The Unbecoming of Mara Dyer

Author: P Hana

Page 54


Aiden laughed. “With what, a cocktail sword?”

I rounded on him before I realized what I was doing. “Leave. Right now, before I hurt you.”

Aiden closed the distance between us in seconds. Up close, he was even bigger. The muscles in his biceps twitched. “Why wait?”

Noah’s hand was at Aiden’s throat in an instant, and he pushed him up against the lockers. “You stupid motherfucker,” Noah said to Aiden. “Jamie, get Mara out of here.”

“Noah,” I protested.

“Go!” he snapped.

Jamie grabbed my hand and pulled me away, past Anna. I heard the sound of bodies slamming into metal behind me and tried to turn, but Jamie was surprisingly strong.

“Noah can take care of himself, Mara.”

I tried to pull away. “Aiden’s huge.”

Jamie flashed a small, bitter smile as he gripped my hand tighter and pulled me along. “But Noah fights dirty. He’ll be fine. Promise.”

He didn’t let go until we stood next to the cul-de-sac, in front of his parents’ car.

“Grounded likely means no phone or computer,” Jamie said. “But if I encounter an owl, I’ll try to smuggle a message to the outside, okay?”

I nodded, just as Jamie’s dad rolled down his window.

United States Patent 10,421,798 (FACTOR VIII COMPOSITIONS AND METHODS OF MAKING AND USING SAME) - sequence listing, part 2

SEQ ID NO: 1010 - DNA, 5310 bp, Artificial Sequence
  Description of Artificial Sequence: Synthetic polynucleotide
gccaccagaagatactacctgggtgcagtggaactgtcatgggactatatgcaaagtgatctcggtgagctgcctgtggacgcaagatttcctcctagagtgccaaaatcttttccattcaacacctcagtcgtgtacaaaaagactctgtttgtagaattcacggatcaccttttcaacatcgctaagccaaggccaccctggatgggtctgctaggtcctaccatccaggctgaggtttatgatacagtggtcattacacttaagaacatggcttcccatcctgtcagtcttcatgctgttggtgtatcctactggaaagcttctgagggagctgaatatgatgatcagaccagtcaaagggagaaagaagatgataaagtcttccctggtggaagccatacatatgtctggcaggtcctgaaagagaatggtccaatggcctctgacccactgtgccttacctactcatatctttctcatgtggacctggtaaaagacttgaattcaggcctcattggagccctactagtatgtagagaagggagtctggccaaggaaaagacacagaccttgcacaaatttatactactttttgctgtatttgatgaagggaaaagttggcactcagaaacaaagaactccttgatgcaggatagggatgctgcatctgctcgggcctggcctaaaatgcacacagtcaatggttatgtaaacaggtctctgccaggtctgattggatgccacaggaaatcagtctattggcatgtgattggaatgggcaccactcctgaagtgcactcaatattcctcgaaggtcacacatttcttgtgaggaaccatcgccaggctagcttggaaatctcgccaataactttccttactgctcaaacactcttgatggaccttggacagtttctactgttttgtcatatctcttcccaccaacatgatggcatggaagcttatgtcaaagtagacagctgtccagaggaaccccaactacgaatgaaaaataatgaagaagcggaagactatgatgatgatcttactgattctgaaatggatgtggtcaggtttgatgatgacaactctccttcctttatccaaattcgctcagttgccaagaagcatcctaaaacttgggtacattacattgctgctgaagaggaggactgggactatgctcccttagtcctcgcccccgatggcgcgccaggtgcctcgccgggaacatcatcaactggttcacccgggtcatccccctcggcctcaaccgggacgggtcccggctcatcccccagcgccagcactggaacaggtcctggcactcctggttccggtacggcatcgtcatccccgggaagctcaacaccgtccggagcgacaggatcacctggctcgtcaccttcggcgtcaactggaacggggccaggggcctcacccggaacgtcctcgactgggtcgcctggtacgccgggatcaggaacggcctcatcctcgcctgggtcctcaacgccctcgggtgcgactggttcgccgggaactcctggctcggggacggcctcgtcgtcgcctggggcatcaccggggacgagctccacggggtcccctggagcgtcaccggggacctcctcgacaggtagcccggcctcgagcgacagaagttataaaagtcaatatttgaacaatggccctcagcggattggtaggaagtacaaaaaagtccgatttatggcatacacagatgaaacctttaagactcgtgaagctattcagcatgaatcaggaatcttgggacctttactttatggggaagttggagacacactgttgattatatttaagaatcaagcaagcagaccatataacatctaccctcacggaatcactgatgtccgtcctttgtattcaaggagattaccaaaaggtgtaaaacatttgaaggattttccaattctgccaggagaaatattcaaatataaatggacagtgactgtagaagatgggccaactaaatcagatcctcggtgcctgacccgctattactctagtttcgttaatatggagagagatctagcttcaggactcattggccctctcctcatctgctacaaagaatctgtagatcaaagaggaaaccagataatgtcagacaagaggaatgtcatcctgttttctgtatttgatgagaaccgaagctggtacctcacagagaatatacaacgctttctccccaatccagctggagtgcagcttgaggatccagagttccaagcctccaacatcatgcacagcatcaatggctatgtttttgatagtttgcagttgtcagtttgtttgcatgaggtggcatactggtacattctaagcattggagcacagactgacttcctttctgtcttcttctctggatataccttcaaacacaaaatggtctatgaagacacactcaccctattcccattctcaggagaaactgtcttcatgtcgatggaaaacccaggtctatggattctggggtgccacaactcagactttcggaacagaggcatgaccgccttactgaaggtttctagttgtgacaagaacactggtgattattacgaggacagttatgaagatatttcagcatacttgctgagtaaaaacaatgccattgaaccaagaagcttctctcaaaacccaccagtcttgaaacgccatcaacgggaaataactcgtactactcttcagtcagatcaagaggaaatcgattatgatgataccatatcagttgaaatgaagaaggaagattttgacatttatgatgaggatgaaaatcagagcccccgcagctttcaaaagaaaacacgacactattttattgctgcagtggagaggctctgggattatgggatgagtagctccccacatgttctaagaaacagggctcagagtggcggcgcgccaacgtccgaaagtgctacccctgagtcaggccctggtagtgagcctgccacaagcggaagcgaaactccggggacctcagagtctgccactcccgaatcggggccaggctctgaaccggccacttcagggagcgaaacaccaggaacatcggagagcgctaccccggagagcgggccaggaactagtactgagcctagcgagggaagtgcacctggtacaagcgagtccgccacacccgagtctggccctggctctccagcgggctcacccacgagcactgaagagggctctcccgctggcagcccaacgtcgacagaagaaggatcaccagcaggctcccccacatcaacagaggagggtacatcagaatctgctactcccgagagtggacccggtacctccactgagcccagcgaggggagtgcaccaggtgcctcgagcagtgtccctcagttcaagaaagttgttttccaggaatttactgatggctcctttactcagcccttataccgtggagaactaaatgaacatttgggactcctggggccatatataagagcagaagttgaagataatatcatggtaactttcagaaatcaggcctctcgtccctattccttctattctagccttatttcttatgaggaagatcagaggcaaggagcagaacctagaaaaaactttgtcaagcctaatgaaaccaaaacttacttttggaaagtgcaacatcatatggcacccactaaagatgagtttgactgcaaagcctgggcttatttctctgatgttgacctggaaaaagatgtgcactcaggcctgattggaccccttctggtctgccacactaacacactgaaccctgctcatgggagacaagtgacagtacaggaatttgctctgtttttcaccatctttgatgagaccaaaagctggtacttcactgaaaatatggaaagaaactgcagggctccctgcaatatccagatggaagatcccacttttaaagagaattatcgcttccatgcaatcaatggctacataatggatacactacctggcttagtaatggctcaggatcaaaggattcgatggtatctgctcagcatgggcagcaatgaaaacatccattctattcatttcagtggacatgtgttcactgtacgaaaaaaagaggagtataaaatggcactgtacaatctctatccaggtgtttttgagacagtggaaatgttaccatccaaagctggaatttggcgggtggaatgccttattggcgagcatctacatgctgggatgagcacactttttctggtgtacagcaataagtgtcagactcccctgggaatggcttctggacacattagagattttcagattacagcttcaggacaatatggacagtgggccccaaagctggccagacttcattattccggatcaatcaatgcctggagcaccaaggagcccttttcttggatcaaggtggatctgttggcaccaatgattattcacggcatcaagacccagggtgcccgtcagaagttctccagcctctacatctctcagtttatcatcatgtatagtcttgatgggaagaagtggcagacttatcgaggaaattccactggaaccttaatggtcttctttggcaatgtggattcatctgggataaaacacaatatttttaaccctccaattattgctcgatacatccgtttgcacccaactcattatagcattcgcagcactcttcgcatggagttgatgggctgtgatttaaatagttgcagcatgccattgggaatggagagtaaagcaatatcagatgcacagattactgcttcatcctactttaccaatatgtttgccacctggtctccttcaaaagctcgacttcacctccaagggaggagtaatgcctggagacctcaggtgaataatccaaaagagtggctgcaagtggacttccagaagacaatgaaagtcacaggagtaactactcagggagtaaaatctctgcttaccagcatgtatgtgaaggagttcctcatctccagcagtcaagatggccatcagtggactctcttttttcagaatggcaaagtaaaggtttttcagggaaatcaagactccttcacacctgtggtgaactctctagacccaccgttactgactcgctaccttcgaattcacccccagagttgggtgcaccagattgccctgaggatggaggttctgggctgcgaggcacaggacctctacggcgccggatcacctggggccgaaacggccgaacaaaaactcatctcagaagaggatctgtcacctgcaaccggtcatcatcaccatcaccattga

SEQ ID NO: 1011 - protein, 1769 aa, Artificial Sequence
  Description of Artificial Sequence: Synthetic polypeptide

“Bye, sugar,” Jamie said, and kissed me on the cheek. “Don’t let The Man keep you down.”

And just like that, he was gone.


I STOOD THERE, COMPLETELY DAZED AND STARING at the empty campus. The one friend I’d made in the short time that I’d been here, aside from Noah, was gone. I felt a hand whisper on my back. I turned around. Noah’s beautiful face was a disaster. A bright red bruise bloomed beneath his left cheekbone, under a thicket of gashes that extended from his eyebrow to his ear.

“Oh my God,” I whispered.

Noah flashed a deviant grin. Then winced. “Come on. We need to go.” He steered me to the parking lot, glancing over his shoulder just once before we climbed into his car. Little beads of blood formed over his knuckles, then dripped on the console as he shifted the car into gear.

“Should we go to the hospital?

Noah smiled again. It looked painful. “You should see the other guy.”

“What did you do?”

“Oh, once he’s healed, he should be able to live a normal life.”

I raised my eyebrows.

“Kidding.” Noah brushed the hair from my cheek and tucked it behind my ear, and winced again. “He’ll be fine in a few days, I’m sorry to say,” Noah said, his jaw tightening. “He’s lucky I left him alive. If he threatens you again, I won’t.” Noah turned his eyes back to the road. “But in the meantime, I have to take my suspension tomorrow for that thing with Kent last week, and if Aiden or Anna tattles—well. I’m going to lay low, as it were.”

When we pulled into my driveway, Noah parked, but didn’t get out of the car. “I’ll see you Friday,” he said, lifting his sunglasses. “I don’t think your parents ought to see me like this. It wouldn’t help our case.”

“Our case?”

Noah reached around to clasp the back of my neck, and ran his thumb over the hollow below my ear. His breath caught with the movement. “I’d like to be around you for a while.”